After a full year of waiting, the HUM Network has finally released their annual report for the financial year 2019-20. A glance at the report might indicate that the network delayed releasing the report for so long because it shows how the company has now faced a second consecutive year of straight losses and a lower revenue than before. However, things are not always what they seem, and while the HUM report is no glowing recommendation, it also shows that the company has managed to control some of the outrageous losses it could have had instead.
To recall, Hum Network’s revenue reached a peak in 2017, at Rs4.6 billion. It began to decline to Rs3.9 billion in 2019, and then Rs3.7 billion in 2020. Net income also fell from a peak of Rs1 billion in 2017, to Rs729 million in 2018, to a loss of Rs536 million in 2019. Now, however, the loss stands only at Rs113 million – much smaller than what others had previously predicted.
What happened to this once glowing success of a company, that it should now be forced to be content with ‘at least the loss is not as bad as before?’ The story of the HUM Network over the past few years has been no less than any one of the many dramas that the network has gotten so good at putting up regularly.
To recap, Hum Network is entirely the brainchild of Sultana Siddiqui, who is the sister of investment banker and financier Jahangir Siddiqui. Hum network fundamentally is a product of three key factors: the first, her own career in media; second, her brother’s financing; and the third, former president Musharraf.
On the second point, Sultana joined Pakistan Television (PTV) as a producer in 1974 in SIndhi programming, before moving into Urdu programming in 1981. She then had a long career at the state-owned broadcaster (effectively the monopoly on entertainment in Pakistan until 1992).
This is where former president Musharraf comes in, whose government allowed private television channels in Pakistan starting in 2001. That is when Sultana began contemplating starting her own television network.
And who did she turn to for help? Her brother, Jahangir Siddiqui, who had become by this time one of the richest men in Pakistan, and certainly one of the richest self-made billionaires in the country. He was in a comfortable position of being able to help Sultana launch her television network, which she did in 2004.
She launched her entertainment network with the name Eye Television (later renamed Hum Networks), and the company was listed on the Karachi Stock Exchange shortly thereafter.
In the years since, Hum Network has consistently produced some of Pakistan’s most famous television dramas. Almost every Pakistani can remember the national obsession with the 2011 show Humsafar, starring icons Fawad Khan and Mahira Khan. It was the channel’s biggest hit drama generating Rs200 million for the company in revenue on its first television run, the highest for any Pakistani television show until that time. In the last decade, the company consistently ranked at number one or number two in the ratings.
Today, the company is run by Duraid Qureshi, Sultana’s son, while his wife Momina Duraid is the CEO of Moomal Productions. But everyone knows that it is really Sultana who calls the shots, still. She is in part helped by her reputation in the TV industry from her PTV days, and also with her vast network of contacts in Pakistan Electronic Media Regulatory Authority (PEMRA) – key to running a successful TV show.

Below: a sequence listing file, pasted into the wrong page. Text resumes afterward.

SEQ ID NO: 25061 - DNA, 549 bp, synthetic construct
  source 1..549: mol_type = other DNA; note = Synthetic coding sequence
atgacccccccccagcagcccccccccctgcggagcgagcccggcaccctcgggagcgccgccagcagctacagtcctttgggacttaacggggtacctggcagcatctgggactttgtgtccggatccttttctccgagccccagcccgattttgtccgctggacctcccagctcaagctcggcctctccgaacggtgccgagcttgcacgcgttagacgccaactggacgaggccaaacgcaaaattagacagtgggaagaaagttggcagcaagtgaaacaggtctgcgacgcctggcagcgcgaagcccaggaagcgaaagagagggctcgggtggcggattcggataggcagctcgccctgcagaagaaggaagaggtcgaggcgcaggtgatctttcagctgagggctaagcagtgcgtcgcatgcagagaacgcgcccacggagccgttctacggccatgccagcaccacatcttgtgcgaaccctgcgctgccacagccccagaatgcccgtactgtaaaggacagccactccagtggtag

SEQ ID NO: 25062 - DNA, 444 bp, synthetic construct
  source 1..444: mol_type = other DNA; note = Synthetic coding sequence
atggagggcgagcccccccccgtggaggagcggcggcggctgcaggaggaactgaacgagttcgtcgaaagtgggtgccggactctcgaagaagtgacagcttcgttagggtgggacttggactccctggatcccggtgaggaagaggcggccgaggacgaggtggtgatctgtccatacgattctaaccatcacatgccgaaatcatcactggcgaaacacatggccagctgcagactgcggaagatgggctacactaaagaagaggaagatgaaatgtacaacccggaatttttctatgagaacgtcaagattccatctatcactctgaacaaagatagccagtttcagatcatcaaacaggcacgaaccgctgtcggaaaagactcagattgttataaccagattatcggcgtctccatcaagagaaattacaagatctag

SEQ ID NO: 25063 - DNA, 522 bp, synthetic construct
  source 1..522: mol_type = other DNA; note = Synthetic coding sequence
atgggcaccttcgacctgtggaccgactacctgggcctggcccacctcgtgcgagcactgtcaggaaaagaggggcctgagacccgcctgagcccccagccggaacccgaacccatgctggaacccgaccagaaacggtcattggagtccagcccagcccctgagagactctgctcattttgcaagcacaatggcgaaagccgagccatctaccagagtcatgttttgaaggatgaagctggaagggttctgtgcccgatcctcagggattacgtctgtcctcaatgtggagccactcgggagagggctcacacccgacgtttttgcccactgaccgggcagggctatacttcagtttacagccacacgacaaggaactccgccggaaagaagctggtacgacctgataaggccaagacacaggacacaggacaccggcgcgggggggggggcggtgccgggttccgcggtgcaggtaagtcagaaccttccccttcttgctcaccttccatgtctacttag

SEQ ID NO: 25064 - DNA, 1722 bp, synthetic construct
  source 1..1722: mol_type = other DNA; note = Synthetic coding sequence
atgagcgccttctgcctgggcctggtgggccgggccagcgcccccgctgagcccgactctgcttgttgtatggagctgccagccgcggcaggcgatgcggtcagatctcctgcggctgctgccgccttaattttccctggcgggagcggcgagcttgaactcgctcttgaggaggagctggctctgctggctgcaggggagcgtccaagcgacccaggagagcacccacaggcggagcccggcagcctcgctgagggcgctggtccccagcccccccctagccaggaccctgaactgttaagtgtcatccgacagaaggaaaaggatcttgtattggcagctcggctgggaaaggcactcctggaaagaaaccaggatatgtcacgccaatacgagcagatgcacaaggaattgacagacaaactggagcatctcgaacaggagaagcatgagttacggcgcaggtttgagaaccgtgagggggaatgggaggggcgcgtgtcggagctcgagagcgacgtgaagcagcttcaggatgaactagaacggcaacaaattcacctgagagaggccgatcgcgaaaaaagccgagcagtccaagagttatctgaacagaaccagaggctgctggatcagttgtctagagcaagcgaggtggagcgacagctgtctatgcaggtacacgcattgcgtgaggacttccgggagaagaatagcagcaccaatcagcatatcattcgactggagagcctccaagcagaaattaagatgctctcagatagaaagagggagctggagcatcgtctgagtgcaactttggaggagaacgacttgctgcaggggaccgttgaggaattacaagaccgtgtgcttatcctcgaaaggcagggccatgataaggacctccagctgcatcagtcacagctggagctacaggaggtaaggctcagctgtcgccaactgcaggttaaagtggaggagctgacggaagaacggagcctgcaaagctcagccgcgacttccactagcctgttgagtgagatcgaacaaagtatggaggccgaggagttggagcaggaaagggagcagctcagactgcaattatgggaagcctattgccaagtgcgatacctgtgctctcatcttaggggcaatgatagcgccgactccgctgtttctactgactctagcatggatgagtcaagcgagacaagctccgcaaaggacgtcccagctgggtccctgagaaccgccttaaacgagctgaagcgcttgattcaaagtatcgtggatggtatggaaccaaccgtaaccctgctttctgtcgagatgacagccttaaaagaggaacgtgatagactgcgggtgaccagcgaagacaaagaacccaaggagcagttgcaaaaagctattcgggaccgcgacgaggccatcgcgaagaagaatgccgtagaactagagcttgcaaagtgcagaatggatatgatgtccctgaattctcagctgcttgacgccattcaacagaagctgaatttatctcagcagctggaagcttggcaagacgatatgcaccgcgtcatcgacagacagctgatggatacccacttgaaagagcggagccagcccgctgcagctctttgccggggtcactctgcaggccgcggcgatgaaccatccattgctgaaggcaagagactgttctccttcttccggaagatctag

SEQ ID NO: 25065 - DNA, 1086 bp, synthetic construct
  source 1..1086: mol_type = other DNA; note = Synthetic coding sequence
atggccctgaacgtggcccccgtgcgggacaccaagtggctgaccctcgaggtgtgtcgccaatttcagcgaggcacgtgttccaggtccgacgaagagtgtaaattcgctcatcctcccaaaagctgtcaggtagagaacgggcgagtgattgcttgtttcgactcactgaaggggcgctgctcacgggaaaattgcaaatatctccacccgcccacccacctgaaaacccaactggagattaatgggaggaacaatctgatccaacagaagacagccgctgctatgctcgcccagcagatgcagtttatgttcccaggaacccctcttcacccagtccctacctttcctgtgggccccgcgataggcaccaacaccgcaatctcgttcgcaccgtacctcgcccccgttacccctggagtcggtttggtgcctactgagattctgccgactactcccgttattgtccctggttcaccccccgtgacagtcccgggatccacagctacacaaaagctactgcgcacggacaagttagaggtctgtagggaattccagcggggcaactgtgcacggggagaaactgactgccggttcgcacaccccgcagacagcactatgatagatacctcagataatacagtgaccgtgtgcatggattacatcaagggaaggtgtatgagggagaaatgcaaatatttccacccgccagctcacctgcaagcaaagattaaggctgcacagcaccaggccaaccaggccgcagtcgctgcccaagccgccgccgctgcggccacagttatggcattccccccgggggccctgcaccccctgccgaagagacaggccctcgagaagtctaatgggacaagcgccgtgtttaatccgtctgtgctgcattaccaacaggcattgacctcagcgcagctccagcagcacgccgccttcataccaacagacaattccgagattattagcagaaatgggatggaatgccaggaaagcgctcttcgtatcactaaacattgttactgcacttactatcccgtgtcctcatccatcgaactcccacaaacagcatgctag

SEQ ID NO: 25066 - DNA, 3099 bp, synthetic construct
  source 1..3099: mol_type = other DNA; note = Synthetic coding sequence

Yet all the contacts in the world could not stop the events of 2017 – and why there is such a clear break in the company’s finances, particularly when expressed in charts.In 2017, the Imran Khan Administration came into office and slashed the government’s advertising budget. The federal and provincial governments are the biggest source of advertising revenue for television news channels and the print media, accounting for up to a third of revenues for the industry before the recent cuts. Hum TV was still sheltered to a degree, compared to other channels, as a good chunk of its advertising comes from consumer goods companies.
But this explains the drastic shift. And to top it off, the year 2019 was not kind to the company either. The first half of 2020 saw a wave of lockdowns, which meant that the companies; film distribution units practically collapsed (as cinemas essentially shut down).
The only reason the company still managed to pull through, is because it drastically cut costs. In 2019, cost of production stood at Rs3.4 billion, practically close to revenue at Rs3.9 billion. In 2020, cost of production was slashed to Rs2.7 billion, allowing some breathing room for other expenses. Its why operating profit stood at Rs105 million in 2020, compared to the loss of Rs311 million in 2019. Instead, what costs the company was their financing costs, which jumped from Rs143 million in 2019, to Rs241 million in 2020. Ultimately, this is what led to the loss after tax of Rs113 million in 2020.
Will the company see profits again? It is aggressively promoting its news channel, which is competing with existing, established giants. But it remains to be seen if the company can continue to keep a check on costs of production – particularly considering Covid-19 pandemic is still not over.